By Laura Gottesdiener and Diego Oré
MONTERREY, Mexico, Jan 4 (Reuters) - The armed men who kidnapped 32 migrants in northern Mexico over the weekend aimed to extort money from them and their families in the United States, Mexico's president said on Thursday, one day after the migrants were released from captivity.
He said that the migrants, who were found on Wednesday, were abandoned by their kidnappers in a parking lot in a shopping center in the northern city of Reynosa in the state of Tamaulipas.
"Because there was a strong deployment (from Mexican authorities), they decided to free them, safe and sound," President Andres Manuel Lopez Obrador said in his morning press conference.
Human rights activists have been warning for months about an escalating kidnapping crisis in Reynosa, where last year Reuters documented a pattern of kidnappings - and at times sexual assault - of migrants and asylum seekers.
The 32 migrants were abducted on Saturday from a commercial bus that had departed the northern city of Monterrey for Matamoros, across from Brownsville, Texas, according to Mexican officials. They were forced off the bus while traveling through Reynosa and whisked away in cars by armed men, officials added.
In a separate case, authorities in the border state of Sonora said on Thursday they had rescued around 20 migrants, many also kidnapped off busses.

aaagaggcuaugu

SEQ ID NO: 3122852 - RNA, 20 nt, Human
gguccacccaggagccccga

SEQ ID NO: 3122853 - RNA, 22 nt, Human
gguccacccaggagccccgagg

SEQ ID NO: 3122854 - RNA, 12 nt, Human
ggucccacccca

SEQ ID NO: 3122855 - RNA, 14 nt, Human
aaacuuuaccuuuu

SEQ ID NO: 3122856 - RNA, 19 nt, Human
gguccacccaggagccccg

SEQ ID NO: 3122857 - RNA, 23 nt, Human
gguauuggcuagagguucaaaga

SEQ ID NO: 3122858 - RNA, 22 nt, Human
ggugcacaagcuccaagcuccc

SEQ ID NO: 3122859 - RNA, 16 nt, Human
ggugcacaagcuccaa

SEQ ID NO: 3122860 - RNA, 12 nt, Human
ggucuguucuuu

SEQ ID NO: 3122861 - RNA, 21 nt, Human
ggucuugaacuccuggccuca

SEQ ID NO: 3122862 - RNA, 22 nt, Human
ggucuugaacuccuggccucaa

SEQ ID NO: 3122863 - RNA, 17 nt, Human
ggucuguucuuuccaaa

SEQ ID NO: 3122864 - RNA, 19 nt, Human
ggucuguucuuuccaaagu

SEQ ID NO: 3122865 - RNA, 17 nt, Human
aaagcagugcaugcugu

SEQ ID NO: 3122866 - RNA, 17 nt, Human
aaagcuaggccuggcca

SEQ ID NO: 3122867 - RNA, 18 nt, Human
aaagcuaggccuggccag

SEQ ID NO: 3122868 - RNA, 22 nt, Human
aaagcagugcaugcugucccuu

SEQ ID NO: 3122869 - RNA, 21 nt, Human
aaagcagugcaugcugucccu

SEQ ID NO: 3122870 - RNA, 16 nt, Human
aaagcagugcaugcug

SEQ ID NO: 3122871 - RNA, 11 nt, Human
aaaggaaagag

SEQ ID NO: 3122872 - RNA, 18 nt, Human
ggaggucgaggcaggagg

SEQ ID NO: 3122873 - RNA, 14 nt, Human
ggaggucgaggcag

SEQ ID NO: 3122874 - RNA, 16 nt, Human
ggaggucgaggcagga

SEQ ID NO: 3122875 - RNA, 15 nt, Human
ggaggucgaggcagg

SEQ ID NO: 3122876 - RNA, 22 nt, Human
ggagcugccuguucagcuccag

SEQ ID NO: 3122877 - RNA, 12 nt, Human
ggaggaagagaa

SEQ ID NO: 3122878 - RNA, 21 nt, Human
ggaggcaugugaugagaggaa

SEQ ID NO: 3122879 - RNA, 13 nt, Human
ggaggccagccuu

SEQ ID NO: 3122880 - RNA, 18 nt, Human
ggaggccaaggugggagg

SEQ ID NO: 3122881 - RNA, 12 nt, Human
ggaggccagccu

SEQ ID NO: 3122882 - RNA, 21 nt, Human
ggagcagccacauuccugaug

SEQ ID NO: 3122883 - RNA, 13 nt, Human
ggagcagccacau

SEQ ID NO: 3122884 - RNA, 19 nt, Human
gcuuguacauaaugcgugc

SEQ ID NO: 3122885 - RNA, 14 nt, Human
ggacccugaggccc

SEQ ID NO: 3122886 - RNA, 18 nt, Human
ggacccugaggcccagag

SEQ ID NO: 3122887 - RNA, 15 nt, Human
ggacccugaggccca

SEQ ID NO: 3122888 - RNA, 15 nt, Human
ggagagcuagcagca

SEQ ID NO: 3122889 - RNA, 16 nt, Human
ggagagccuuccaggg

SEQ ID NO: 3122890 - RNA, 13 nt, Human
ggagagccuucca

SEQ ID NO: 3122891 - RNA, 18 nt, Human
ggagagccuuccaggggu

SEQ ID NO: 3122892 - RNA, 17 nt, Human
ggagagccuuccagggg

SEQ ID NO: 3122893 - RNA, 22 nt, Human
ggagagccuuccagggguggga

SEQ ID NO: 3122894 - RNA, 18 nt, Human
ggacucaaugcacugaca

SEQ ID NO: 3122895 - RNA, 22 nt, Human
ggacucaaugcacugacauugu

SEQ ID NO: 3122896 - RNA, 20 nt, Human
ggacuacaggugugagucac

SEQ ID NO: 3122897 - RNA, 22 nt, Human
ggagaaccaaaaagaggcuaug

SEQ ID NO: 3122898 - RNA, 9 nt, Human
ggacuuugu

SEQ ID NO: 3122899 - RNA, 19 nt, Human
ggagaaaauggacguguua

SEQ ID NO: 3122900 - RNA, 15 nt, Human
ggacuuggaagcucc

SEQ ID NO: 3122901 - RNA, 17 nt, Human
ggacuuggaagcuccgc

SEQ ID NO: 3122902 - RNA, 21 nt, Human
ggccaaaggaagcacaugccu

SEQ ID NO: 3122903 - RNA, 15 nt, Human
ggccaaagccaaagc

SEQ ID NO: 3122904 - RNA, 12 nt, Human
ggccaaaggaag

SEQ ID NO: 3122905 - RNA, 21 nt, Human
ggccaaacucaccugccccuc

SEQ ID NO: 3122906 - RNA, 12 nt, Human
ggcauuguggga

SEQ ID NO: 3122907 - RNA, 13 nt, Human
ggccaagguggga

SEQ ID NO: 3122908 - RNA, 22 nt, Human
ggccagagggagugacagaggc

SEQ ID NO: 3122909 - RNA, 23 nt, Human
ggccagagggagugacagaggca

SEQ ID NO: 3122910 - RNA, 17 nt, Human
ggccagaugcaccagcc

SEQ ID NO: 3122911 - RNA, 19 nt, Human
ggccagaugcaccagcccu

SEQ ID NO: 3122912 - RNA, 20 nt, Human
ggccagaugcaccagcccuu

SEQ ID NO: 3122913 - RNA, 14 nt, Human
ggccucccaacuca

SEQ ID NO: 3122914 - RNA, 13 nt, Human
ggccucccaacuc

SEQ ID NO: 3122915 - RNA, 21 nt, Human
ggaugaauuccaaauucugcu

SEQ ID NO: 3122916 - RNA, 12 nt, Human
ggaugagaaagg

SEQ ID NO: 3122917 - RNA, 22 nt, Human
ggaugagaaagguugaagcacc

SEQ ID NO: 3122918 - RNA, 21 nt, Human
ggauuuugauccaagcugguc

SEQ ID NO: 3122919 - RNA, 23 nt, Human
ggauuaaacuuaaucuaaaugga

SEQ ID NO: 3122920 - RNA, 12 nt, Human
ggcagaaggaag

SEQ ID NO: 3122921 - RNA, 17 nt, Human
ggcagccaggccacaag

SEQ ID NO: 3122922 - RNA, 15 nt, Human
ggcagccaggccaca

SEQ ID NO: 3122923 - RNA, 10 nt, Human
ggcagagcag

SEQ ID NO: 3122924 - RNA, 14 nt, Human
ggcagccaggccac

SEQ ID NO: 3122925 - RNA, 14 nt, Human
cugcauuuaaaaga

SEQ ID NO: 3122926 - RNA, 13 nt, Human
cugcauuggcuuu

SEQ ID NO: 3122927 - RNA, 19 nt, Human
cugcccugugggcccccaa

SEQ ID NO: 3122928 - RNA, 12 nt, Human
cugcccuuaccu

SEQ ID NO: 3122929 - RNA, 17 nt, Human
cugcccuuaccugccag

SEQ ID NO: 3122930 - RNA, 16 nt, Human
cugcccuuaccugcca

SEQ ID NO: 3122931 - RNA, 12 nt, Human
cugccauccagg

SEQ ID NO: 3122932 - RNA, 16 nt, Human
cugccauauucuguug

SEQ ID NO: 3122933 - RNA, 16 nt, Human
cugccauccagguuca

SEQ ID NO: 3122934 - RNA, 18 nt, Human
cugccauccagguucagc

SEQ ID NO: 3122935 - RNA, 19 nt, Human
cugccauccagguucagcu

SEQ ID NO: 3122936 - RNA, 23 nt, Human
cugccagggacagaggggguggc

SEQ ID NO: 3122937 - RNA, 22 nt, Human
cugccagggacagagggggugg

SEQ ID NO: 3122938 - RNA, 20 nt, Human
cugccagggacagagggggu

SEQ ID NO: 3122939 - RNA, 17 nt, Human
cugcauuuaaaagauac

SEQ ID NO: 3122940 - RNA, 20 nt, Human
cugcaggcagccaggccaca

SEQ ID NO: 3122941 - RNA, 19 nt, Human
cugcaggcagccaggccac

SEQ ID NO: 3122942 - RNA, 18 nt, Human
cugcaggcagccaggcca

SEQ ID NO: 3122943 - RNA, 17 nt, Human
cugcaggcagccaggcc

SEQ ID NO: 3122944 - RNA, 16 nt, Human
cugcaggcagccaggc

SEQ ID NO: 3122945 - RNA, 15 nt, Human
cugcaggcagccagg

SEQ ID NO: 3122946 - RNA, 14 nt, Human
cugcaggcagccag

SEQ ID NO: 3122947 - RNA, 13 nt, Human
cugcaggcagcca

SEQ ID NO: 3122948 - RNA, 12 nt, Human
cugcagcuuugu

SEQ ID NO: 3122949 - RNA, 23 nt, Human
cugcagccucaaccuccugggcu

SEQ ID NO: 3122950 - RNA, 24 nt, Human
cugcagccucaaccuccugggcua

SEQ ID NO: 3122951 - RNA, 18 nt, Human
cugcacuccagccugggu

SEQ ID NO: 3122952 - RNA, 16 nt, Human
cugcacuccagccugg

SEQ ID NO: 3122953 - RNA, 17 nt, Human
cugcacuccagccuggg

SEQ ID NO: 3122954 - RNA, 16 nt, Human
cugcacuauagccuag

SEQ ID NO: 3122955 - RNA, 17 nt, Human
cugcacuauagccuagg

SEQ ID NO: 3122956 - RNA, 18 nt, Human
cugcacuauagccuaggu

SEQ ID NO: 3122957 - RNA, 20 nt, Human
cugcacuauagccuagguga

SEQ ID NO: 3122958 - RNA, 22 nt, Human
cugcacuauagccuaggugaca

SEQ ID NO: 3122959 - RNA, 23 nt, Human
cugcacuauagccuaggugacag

The group kidnapped in Reynosa was discovered after an anonymous caller tipped off authorities to their whereabouts, the state security agency's spokesman told Reuters.
The 32 migrants ranged in age from a 71-year-old man to a 1-year-old baby girl, with a total of 11 minors, he said, adding 26 were from Venezuela and six from Honduras.
The state attorney general's office said the migrants had given their testimonies and that the office has opened an investigation. No one has been arrested so far, Cuellar said.
Late on Thursday, Mexico's national migration institute said it would grant the migrants humanitarian visas.
A record number of migrants traveled across Central America and Mexico in 2023 aiming to reach the United States, fleeing poverty, violence, climate change and conflict.
Earlier this week, a 4,000-person caravan traveling through southern Mexico dispersed after leaders said migration authorities had promised to provide travel permits.
But the caravan's leader, Luis Garcia, said in a statement on Thursday that some migrants were "abandoned on the street" by authorities.
Mexico's migration institute did not respond to a request for comment.
The mass kidnapping has sparked increased fear among migrants in Mexico.
Diego Vargas, 25, of Colombia, said that just after Christmas, he and his wife landed a coveted appointment on a U.S. government app called CBP One, allowing them to approach a port of entry and cross into the United States legally.
The appointment is scheduled at the Matamoros crossing in mid-January, he said.
But after learning of the kidnapping, he says he and his wife are faced with an impossible choice: risk their lives traveling on the same highway, or return to their country, where he says they fled death threats by a paramilitary group.
"We're so scared to try to reach the border," he said.
(Reporting by Laura Gottesdiener in Monterrey; Diego Ore and Kylie Madry in Mexico City; additional reporting by Gustavo Palencia in Tegucigalpa and Jose Torres in Chiapas; Editing by Aurora Ellis and Michael Perry)
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